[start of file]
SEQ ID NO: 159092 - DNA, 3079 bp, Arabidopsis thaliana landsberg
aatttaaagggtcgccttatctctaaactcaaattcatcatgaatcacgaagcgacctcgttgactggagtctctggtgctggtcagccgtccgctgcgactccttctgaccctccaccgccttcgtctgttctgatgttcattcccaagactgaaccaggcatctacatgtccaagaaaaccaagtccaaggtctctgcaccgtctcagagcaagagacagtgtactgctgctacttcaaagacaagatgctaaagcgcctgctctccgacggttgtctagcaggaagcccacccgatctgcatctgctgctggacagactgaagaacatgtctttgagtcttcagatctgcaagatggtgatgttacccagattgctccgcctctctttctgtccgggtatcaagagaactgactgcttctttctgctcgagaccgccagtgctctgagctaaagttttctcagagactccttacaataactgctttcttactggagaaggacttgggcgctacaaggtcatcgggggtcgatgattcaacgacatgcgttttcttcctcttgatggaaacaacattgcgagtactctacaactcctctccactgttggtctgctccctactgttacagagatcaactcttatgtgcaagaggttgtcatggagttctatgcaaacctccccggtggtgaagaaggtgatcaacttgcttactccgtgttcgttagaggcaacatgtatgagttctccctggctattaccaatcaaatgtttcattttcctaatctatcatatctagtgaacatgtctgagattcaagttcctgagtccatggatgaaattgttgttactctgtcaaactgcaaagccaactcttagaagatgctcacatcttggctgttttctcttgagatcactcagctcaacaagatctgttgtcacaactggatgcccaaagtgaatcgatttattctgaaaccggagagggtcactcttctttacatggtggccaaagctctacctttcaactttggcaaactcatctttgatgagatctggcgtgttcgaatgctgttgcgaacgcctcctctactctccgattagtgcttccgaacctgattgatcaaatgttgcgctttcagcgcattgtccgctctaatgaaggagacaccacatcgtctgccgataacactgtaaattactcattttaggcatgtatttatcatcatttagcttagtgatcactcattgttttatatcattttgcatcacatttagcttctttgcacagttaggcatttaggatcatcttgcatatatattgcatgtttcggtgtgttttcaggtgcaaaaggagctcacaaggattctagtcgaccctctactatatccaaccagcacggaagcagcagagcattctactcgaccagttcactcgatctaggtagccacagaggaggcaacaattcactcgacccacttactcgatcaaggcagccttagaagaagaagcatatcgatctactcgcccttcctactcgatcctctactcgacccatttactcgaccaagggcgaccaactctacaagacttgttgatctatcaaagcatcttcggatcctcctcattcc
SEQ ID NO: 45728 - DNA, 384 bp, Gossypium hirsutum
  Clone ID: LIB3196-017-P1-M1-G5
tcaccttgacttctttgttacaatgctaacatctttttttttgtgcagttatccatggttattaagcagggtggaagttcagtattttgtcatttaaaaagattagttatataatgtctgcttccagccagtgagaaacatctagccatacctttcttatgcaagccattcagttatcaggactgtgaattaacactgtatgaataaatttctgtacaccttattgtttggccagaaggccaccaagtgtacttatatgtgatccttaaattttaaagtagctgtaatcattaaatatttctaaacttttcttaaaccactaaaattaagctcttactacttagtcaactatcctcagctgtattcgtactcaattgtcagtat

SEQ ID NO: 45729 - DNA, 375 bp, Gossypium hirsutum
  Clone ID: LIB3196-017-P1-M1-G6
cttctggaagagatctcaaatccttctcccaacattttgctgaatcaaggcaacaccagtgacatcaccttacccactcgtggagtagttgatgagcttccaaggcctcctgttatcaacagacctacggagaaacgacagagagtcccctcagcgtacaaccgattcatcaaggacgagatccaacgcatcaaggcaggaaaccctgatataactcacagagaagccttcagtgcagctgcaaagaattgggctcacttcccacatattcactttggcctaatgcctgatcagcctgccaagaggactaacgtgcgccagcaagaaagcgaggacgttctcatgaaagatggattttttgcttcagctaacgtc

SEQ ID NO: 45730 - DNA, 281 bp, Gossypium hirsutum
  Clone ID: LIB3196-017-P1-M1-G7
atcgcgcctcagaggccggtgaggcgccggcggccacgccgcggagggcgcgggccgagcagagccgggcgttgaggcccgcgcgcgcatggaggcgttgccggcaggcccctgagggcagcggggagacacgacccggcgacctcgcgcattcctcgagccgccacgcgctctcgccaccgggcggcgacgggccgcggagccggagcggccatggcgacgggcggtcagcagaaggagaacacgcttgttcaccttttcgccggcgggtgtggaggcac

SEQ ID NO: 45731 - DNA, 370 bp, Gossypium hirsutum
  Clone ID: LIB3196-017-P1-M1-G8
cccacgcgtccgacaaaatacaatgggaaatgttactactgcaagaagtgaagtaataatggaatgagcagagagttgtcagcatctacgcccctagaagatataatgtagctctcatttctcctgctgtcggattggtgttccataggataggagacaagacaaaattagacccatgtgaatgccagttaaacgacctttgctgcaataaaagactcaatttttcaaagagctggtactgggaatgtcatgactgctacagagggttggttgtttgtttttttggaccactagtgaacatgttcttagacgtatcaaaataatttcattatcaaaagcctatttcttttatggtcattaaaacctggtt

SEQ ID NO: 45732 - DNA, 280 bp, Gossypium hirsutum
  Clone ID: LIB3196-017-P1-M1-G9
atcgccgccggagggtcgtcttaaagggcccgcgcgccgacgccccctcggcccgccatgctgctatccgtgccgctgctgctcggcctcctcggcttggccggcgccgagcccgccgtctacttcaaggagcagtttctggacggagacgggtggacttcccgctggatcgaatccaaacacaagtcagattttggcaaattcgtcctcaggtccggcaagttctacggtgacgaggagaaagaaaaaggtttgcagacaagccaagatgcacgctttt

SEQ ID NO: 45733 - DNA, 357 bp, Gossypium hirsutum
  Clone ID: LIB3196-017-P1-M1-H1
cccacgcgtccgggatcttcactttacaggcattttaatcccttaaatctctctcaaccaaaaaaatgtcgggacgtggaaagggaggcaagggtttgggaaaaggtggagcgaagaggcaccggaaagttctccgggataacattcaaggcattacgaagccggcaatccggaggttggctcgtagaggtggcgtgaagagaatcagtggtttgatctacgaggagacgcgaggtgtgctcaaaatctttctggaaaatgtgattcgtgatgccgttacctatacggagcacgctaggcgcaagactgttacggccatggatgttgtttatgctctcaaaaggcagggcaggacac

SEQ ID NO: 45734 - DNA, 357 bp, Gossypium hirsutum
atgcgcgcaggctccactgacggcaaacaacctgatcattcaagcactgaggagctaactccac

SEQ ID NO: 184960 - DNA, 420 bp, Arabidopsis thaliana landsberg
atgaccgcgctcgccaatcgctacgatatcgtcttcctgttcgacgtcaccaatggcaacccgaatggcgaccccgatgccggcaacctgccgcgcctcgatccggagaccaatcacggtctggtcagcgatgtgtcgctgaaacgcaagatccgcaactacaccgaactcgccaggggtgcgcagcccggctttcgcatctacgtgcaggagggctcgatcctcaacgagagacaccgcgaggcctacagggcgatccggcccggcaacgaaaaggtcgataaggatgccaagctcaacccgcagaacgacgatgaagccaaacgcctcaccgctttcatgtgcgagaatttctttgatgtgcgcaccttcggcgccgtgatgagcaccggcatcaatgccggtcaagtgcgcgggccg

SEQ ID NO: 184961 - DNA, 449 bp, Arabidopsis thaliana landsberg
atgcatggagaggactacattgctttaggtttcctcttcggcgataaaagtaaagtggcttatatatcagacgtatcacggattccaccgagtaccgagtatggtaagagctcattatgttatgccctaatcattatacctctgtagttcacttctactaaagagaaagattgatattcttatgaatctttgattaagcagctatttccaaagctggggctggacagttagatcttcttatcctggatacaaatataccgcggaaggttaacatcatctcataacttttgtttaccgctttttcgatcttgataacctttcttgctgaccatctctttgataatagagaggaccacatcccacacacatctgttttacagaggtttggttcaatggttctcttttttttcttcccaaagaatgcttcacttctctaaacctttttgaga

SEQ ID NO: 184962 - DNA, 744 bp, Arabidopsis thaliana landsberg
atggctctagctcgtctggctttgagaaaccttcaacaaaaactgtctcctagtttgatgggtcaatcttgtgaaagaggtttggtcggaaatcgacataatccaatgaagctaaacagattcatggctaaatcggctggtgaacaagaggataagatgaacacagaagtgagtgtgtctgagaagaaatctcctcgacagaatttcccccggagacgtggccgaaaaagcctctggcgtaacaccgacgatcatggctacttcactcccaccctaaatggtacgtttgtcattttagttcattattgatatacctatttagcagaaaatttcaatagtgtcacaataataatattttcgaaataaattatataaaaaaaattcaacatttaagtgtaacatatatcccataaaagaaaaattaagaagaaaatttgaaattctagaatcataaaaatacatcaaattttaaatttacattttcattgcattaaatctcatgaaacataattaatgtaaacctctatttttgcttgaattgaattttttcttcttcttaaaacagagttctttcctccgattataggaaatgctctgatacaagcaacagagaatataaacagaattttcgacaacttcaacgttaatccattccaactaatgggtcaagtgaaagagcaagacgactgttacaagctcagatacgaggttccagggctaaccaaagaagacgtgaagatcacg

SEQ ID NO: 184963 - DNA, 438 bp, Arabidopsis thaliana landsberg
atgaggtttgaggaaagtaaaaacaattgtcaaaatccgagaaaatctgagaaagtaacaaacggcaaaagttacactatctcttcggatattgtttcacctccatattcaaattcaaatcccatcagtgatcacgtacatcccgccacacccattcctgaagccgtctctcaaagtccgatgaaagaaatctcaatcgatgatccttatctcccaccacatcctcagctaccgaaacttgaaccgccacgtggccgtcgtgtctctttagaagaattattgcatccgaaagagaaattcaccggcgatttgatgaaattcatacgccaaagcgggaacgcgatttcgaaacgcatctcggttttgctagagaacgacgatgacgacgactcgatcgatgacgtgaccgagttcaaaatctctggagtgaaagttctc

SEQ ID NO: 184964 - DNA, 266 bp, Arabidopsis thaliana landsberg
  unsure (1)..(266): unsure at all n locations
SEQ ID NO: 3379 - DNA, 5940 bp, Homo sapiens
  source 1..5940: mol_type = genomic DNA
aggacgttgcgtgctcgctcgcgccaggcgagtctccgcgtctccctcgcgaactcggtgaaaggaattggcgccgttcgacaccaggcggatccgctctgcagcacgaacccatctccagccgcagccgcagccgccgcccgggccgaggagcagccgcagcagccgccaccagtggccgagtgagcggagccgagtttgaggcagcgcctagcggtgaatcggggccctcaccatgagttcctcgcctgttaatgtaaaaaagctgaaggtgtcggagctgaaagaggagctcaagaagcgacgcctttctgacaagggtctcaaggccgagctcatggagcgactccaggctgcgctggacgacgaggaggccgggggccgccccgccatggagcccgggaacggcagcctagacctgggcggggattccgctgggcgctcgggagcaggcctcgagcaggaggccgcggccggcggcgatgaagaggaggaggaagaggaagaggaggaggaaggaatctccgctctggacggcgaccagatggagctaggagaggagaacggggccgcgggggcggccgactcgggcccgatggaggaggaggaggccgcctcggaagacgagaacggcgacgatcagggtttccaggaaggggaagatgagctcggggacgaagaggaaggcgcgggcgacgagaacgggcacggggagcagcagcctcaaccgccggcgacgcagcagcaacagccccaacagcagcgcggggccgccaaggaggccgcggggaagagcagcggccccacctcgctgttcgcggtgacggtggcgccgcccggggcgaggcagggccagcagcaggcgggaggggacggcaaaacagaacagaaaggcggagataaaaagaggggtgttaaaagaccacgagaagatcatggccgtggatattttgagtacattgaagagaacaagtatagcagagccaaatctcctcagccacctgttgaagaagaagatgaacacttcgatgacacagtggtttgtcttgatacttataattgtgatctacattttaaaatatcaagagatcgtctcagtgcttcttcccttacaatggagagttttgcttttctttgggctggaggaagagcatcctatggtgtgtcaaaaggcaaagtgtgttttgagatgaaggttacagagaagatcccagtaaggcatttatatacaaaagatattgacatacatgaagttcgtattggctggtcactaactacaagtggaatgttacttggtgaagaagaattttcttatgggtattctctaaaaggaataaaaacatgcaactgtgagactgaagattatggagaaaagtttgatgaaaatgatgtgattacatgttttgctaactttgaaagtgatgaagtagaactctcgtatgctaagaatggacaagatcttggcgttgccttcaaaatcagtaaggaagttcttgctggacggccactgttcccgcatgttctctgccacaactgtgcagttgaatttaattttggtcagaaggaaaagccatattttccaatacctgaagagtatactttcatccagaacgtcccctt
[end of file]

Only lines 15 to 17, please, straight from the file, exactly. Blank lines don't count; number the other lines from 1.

SEQ ID NO: 45732 - DNA, 280 bp, Gossypium hirsutum
  Clone ID: LIB3196-017-P1-M1-G9
atcgccgccggagggtcgtcttaaagggcccgcgcgccgacgccccctcggcccgccatgctgctatccgtgccgctgctgctcggcctcctcggcttggccggcgccgagcccgccgtctacttcaaggagcagtttctggacggagacgggtggacttcccgctggatcgaatccaaacacaagtcagattttggcaaattcgtcctcaggtccggcaagttctacggtgacgaggagaaagaaaaaggtttgcagacaagccaagatgcacgctttt